The Mitchell FC FOX Grandeur CameraBy: Richard Bennett and Erin Bennett
Here at CinemaGear we specialize in the repair, restoration, and maintenance of Mitchell cameras of all types. Over the years we have had some unique and historical cameras come into our collection. One piece we found most interesting is Mitchell FC #8. After bringing the camera back to good working to condition, we started to look into its history and we were fascinated by the development of the Grandeur wide screen sound on film system. I thought we might share some of the things we have found here. The Fox Grandeur process was one of the early attempts at a widescreen cinema format developed in the late 1920's. One film critic from the Daily Boston Globe noted about the Grandeur process itself, "The screen is literally throwing somersaults in its scientific progress". Hardly had the industry recovered from the revolution of the talkie when the third epoch, wide film, spun out of an inventor's dream into reality.  The Fox Grandeur widescreen system was born out of William Fox's desire to control the technology and equipment that movies were made with. Fox already owned his Fox Film Corporation, the Fox movie theater chain, studio production facilities on both the west and east coasts of the United States, he had acquired the U.S. rights to the German Tri-Ergon patents which were vital to the sound-on-film systems of the day, along with the rights to the Movietone sound-on-film process, and the he purchased the Mitchell Camera Corporation. Sound had already taken the industry by storm and color was beginning to gain a foothold, but it was in wide screen film format that Fox saw the most potential to expand his businesses. With wide film came the possibility for larger screens, which in turn made for the opportunity to build larger theaters with a greater number of seats available. More seats of course meant higher ticket sales and more potential profit flowing from his theaters. Fox intended to use his ownership interest in the Mitchell Camera Corporation to produce the cameras that he envisioned everyone in the business would then use to shoot wide screen movies. Thomas Edison's 35mm film format had become the default industry standard but as sound became a reality the familiar rectangular format had lost some of its picture area to the sound-on-film technology, sacrificing some of its space for the optical soundtrack. At the same time movie theaters had grown in size to accommodate larger audiences, but the limitations of the 35mm film frame made it impossible to project a larger image without sacrificing image quality. Wide film seemed to be the perfect solution to both of these problems, as a larger image on a larger piece of film would reduce the graininess of the projected image and allow for even larger theater screens. Our research indicates that William Fox's initial interest in developing a wide film system of his own was sparked by the demonstration of John D. Elms' Widescope camera. First developed in 1922, Elms' early Widescope camera shot two pieces of 35mm film simultaneously with two separate lenses, one above the other. The two resulting images were projected synchronously onto a single screen for a final view twice the width of a standard 35mm image.  By 1927, the Widescope camera had evolved to shoot on a single piece of film using a rotating lens to capture a wide image.  Fox purchased the rights to Elms' system and set his engineering division at the Fox Case Corporation the task of creating a viable camera system for widescreen sound-on-film feature production.  At the helm of this project was Earl I. Sponable, half of the team responsible for the creation of the Movietone sound-on-film process. Sponable and his team quickly deemed the Elms camera design to be impractical "due to the loss of light in panoramming the lens and the inertia of the moving parts" and abandoned it.  A new camera based on the tried and true 35mm Movietone News camera was developed in the shop of the J.M. Wall Company and modified to shoot 70mm film, but this too was deemed unsatisfactory in the end. In February of 1928, the Mitchell Camera Corporation was commissioned to build a camera based on their popular 35mm Mitchell Standard camera. The resulting camera shot 70mm Grandeur format film, giving the images twice the picture area of a standard 35mm movie and a larger area to record the optical soundtrack.  It was this design that Sponable and the Fox Case team settled on for their Fox Grandeur camera, dubbed the Mitchell FC (or Mitchell Fox Camera).  William Fox was so convinced of the potential of the Grandeur widescreen system that he paid for all of the research and development himself rather than using studio funds. By the end of 1928, Sponable had a working camera from Mitchell and was ready to film tests before any feature production was begun. Three Grandeur cameras were ordered from Mitchell in late 1928 to begin initial production.  Ten more cameras were ordered in June 1929.  The Mitchell Camera Corporation records show that the Fox Film Corporation received at least 9 of these proposed 13 cameras before Grandeur production was abandoned in 1931.  In all, our research shows that four feature films and three short subject films were shot with the Grandeur System by the Fox Film Corporation between 1929 and 1931. Most significant of these was Raoul Walsh's 1930 classic film "The Big Trail" which features a young John Wayne in his first starring role. There is strong evidence in our continuing research which indicates that our camera, serial #8, was one of the cameras that shot "The Big Trail." The 70mm Grandeur format was used by other companies in their attempts at wide screen systems as well. Our camera, Mitchell FC #8, was carefully disassembled, all of the parts cleaned and lubricated, and reassembled to make it once again into a working camera. All of the internal working parts of the camera itself have matching serial numbers. However, the L base is marked from camera #1. We were fortunate enough to find the matching matte box with serial #8 in the collection of Martin Hill, and after a long search, a vintage Mitchell FC 75mm Baltar lens was added to the camera. Currently the camera is fitted with a sidefinder from a Mitchell BFC as we have yet to find an original FC sidefinder. The hunt and research into this camera's history continue. References  Mayme Ober Park. "Wide Film Makes its Debut Auspiciously at Movie Capital," Daily Boston Globe, March 13, 1930, 29. Accessed December 4, 2012. (ProQuest Historical Newspapers.  John D. Elms. "Demonstration and Description of the Widescope Camera," Transaction of the Society of Motion Picture Engineers 14 (1922): 124-129.  John Belton. "Grandeur: A History, 1927-1930," (paper, Rutgers University, 1990), 4.  Earl I. Sponable. "Grandeur Cameras" memo from Sponable to W.C. Michel. June 24, 1932. Earl Sponable Collection, Columbia University Rare Book and Manuscript Library, New York City, NY.  Sponable memo to Mitchell.  Grandeur format 70mm film was a 4-pert pulldown process with a frame size of 48mm wide by 22.5mm high.  Sponable memo to Mitchell.  Sponable memo to Mitchell.  Purchase Order # A. 4175 from Fox Case Corporation. June 17, 1929. Earl Sponable Collection, Columbia University Rare Book and Manuscript Library, New York City, NY.  Mitchell Camera Corporation shipping ledger. February 24, 1964. Mitchell Camera Corporation.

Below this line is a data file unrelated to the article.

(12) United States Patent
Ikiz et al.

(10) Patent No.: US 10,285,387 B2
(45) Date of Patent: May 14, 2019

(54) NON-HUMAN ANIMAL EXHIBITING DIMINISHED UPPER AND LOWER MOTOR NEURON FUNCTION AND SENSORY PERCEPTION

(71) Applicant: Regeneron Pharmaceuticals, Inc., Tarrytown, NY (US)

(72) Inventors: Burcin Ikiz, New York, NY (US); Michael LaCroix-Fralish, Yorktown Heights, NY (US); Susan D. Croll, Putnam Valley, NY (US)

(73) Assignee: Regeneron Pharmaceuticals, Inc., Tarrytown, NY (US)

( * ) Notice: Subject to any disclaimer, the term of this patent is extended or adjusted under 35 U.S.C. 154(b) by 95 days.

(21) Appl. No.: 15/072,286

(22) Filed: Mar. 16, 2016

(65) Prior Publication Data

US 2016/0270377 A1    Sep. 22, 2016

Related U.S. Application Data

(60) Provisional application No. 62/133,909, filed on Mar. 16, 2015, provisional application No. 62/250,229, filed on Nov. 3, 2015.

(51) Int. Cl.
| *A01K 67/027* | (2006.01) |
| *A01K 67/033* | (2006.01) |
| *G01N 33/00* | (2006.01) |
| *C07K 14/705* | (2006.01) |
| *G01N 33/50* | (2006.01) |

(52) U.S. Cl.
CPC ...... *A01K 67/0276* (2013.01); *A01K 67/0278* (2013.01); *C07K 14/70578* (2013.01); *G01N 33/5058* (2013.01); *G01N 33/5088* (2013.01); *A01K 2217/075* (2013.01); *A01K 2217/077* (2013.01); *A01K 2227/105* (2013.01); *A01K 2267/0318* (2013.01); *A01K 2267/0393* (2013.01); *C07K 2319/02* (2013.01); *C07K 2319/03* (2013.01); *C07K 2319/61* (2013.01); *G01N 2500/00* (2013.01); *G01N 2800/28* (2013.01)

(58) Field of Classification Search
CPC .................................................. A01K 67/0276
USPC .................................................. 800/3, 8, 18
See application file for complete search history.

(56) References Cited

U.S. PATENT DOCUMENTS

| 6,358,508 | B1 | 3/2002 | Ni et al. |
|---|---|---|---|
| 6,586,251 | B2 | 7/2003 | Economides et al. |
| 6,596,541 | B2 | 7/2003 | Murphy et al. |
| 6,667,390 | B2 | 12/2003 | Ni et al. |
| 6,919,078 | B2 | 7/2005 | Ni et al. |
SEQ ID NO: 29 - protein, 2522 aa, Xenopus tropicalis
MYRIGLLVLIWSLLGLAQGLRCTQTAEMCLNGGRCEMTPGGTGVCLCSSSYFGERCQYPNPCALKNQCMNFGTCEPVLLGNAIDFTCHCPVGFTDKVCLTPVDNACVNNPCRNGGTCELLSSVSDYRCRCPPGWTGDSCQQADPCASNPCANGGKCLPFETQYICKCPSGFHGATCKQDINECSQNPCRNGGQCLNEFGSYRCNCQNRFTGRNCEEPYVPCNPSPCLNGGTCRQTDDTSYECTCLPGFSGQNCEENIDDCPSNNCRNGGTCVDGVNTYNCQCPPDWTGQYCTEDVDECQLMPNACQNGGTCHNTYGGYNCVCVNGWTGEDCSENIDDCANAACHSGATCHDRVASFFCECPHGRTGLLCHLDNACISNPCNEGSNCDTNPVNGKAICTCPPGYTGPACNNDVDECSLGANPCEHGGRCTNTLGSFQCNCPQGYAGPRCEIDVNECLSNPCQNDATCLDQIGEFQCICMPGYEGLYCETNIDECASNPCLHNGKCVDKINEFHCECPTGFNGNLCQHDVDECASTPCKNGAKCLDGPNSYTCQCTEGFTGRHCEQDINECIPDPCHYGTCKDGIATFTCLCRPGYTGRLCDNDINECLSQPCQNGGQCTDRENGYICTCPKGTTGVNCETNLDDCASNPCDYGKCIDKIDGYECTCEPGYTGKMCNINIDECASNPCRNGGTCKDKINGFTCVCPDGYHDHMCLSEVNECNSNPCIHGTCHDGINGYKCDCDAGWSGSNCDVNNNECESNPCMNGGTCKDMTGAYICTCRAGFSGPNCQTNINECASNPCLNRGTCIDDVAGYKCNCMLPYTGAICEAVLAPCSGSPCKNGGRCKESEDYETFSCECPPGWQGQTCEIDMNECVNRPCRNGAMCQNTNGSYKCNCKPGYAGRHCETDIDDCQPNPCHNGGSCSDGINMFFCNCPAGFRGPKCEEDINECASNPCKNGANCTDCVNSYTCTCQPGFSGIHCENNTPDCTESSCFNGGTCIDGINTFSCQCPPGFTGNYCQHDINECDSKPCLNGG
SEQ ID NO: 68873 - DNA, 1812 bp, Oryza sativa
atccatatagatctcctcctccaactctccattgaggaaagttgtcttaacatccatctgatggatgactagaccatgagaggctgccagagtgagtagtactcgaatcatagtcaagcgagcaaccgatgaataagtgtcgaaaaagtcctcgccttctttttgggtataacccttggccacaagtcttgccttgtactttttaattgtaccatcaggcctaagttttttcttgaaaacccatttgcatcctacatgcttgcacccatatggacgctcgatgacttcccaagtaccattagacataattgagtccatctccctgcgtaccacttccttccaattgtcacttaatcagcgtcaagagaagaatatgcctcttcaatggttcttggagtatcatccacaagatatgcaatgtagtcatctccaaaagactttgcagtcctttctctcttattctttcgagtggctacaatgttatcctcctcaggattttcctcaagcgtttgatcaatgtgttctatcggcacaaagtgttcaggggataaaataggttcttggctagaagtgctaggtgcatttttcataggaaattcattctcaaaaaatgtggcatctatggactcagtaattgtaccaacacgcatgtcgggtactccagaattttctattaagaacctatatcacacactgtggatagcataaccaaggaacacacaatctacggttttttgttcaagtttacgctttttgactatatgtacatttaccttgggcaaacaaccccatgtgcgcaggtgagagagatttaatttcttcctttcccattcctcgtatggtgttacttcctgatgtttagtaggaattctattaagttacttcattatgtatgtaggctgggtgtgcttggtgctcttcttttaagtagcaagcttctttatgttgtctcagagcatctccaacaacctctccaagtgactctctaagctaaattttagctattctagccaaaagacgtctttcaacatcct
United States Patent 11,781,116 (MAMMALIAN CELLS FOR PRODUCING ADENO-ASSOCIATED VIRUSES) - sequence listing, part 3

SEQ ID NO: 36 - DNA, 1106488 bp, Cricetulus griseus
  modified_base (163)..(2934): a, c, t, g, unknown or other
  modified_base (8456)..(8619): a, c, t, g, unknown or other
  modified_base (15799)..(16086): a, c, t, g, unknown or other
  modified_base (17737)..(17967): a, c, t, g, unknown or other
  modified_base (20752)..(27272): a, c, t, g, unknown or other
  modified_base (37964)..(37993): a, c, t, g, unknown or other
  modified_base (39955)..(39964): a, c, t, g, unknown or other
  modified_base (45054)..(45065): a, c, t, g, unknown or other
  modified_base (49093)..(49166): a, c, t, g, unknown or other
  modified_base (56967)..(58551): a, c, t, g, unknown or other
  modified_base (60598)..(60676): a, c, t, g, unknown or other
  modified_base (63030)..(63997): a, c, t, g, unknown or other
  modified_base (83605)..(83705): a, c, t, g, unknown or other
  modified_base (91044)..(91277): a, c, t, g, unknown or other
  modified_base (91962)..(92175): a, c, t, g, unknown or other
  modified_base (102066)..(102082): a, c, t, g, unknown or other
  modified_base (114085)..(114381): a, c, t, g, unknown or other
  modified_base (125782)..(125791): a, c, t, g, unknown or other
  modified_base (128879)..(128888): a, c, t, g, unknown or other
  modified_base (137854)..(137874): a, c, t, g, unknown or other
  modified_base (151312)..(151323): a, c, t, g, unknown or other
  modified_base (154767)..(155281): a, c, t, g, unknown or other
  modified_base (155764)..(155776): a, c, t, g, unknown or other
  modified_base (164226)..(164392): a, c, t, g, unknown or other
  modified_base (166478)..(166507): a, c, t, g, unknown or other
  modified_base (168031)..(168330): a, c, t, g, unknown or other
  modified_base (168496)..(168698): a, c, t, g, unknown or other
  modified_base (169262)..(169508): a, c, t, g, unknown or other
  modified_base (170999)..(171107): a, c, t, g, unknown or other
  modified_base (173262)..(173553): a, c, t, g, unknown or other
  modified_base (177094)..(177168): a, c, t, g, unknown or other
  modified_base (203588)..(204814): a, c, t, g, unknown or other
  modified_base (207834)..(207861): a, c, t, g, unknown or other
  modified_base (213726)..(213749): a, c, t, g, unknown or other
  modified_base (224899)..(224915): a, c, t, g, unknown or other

"The Camera That Filmed Hollywood"